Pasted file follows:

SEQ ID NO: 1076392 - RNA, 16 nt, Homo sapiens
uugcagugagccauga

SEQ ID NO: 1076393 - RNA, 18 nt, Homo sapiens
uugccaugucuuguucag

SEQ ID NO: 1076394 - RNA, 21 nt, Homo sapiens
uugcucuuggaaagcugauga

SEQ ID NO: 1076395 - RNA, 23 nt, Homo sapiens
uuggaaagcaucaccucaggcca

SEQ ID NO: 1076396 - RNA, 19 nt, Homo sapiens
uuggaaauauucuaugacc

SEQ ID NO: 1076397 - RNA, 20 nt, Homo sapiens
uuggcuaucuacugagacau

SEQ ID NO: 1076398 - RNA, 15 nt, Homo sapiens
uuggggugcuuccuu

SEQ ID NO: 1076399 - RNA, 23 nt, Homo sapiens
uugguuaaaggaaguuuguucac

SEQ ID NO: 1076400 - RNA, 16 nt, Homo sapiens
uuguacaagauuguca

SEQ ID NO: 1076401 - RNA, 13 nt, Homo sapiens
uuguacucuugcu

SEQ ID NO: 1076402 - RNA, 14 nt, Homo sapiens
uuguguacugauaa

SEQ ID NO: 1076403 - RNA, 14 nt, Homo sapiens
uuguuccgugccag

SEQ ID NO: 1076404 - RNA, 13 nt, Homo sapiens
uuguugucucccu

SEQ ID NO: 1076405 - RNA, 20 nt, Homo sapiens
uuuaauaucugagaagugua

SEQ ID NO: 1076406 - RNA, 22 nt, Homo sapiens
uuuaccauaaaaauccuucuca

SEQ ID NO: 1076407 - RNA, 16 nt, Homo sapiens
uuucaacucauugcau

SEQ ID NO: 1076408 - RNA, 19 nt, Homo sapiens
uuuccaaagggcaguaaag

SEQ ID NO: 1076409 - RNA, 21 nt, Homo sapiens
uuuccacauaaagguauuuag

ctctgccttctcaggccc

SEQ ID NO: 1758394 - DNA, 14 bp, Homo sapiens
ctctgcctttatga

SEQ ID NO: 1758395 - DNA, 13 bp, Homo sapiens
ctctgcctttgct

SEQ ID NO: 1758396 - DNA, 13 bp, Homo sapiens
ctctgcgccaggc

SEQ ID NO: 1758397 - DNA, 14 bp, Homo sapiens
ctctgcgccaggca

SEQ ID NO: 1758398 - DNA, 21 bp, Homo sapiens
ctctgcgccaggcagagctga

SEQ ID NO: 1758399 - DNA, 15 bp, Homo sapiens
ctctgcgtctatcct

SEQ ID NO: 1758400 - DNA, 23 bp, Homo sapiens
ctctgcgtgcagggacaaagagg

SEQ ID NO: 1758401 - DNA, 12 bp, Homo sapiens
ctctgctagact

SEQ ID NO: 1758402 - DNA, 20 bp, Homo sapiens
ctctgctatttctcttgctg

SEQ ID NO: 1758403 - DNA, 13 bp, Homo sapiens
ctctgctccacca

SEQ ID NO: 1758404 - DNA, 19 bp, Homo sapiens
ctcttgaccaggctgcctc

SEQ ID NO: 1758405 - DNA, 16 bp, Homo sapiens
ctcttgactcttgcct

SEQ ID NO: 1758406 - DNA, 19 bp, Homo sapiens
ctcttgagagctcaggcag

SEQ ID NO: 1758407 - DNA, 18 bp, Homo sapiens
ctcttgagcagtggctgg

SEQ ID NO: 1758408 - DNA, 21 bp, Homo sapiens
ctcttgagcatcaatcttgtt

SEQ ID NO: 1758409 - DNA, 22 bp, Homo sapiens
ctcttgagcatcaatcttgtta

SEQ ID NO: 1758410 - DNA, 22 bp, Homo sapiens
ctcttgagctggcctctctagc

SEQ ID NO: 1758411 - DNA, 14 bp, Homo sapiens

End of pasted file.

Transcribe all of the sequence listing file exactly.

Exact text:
SEQ ID NO: 1076392 - RNA, 16 nt, Homo sapiens
uugcagugagccauga

SEQ ID NO: 1076393 - RNA, 18 nt, Homo sapiens
uugccaugucuuguucag

SEQ ID NO: 1076394 - RNA, 21 nt, Homo sapiens
uugcucuuggaaagcugauga

SEQ ID NO: 1076395 - RNA, 23 nt, Homo sapiens
uuggaaagcaucaccucaggcca

SEQ ID NO: 1076396 - RNA, 19 nt, Homo sapiens
uuggaaauauucuaugacc

SEQ ID NO: 1076397 - RNA, 20 nt, Homo sapiens
uuggcuaucuacugagacau

SEQ ID NO: 1076398 - RNA, 15 nt, Homo sapiens
uuggggugcuuccuu

SEQ ID NO: 1076399 - RNA, 23 nt, Homo sapiens
uugguuaaaggaaguuuguucac

SEQ ID NO: 1076400 - RNA, 16 nt, Homo sapiens
uuguacaagauuguca

SEQ ID NO: 1076401 - RNA, 13 nt, Homo sapiens
uuguacucuugcu

SEQ ID NO: 1076402 - RNA, 14 nt, Homo sapiens
uuguguacugauaa

SEQ ID NO: 1076403 - RNA, 14 nt, Homo sapiens
uuguuccgugccag

SEQ ID NO: 1076404 - RNA, 13 nt, Homo sapiens
uuguugucucccu

SEQ ID NO: 1076405 - RNA, 20 nt, Homo sapiens
uuuaauaucugagaagugua

SEQ ID NO: 1076406 - RNA, 22 nt, Homo sapiens
uuuaccauaaaaauccuucuca

SEQ ID NO: 1076407 - RNA, 16 nt, Homo sapiens
uuucaacucauugcau

SEQ ID NO: 1076408 - RNA, 19 nt, Homo sapiens
uuuccaaagggcaguaaag

SEQ ID NO: 1076409 - RNA, 21 nt, Homo sapiens
uuuccacauaaagguauuuag

ctctgccttctcaggccc

SEQ ID NO: 1758394 - DNA, 14 bp, Homo sapiens
ctctgcctttatga

SEQ ID NO: 1758395 - DNA, 13 bp, Homo sapiens
ctctgcctttgct

SEQ ID NO: 1758396 - DNA, 13 bp, Homo sapiens
ctctgcgccaggc

SEQ ID NO: 1758397 - DNA, 14 bp, Homo sapiens
ctctgcgccaggca

SEQ ID NO: 1758398 - DNA, 21 bp, Homo sapiens
ctctgcgccaggcagagctga

SEQ ID NO: 1758399 - DNA, 15 bp, Homo sapiens
ctctgcgtctatcct

SEQ ID NO: 1758400 - DNA, 23 bp, Homo sapiens
ctctgcgtgcagggacaaagagg

SEQ ID NO: 1758401 - DNA, 12 bp, Homo sapiens
ctctgctagact

SEQ ID NO: 1758402 - DNA, 20 bp, Homo sapiens
ctctgctatttctcttgctg

SEQ ID NO: 1758403 - DNA, 13 bp, Homo sapiens
ctctgctccacca

SEQ ID NO: 1758404 - DNA, 19 bp, Homo sapiens
ctcttgaccaggctgcctc

SEQ ID NO: 1758405 - DNA, 16 bp, Homo sapiens
ctcttgactcttgcct

SEQ ID NO: 1758406 - DNA, 19 bp, Homo sapiens
ctcttgagagctcaggcag

SEQ ID NO: 1758407 - DNA, 18 bp, Homo sapiens
ctcttgagcagtggctgg

SEQ ID NO: 1758408 - DNA, 21 bp, Homo sapiens
ctcttgagcatcaatcttgtt

SEQ ID NO: 1758409 - DNA, 22 bp, Homo sapiens
ctcttgagcatcaatcttgtta

SEQ ID NO: 1758410 - DNA, 22 bp, Homo sapiens
ctcttgagctggcctctctagc

SEQ ID NO: 1758411 - DNA, 14 bp, Homo sapiens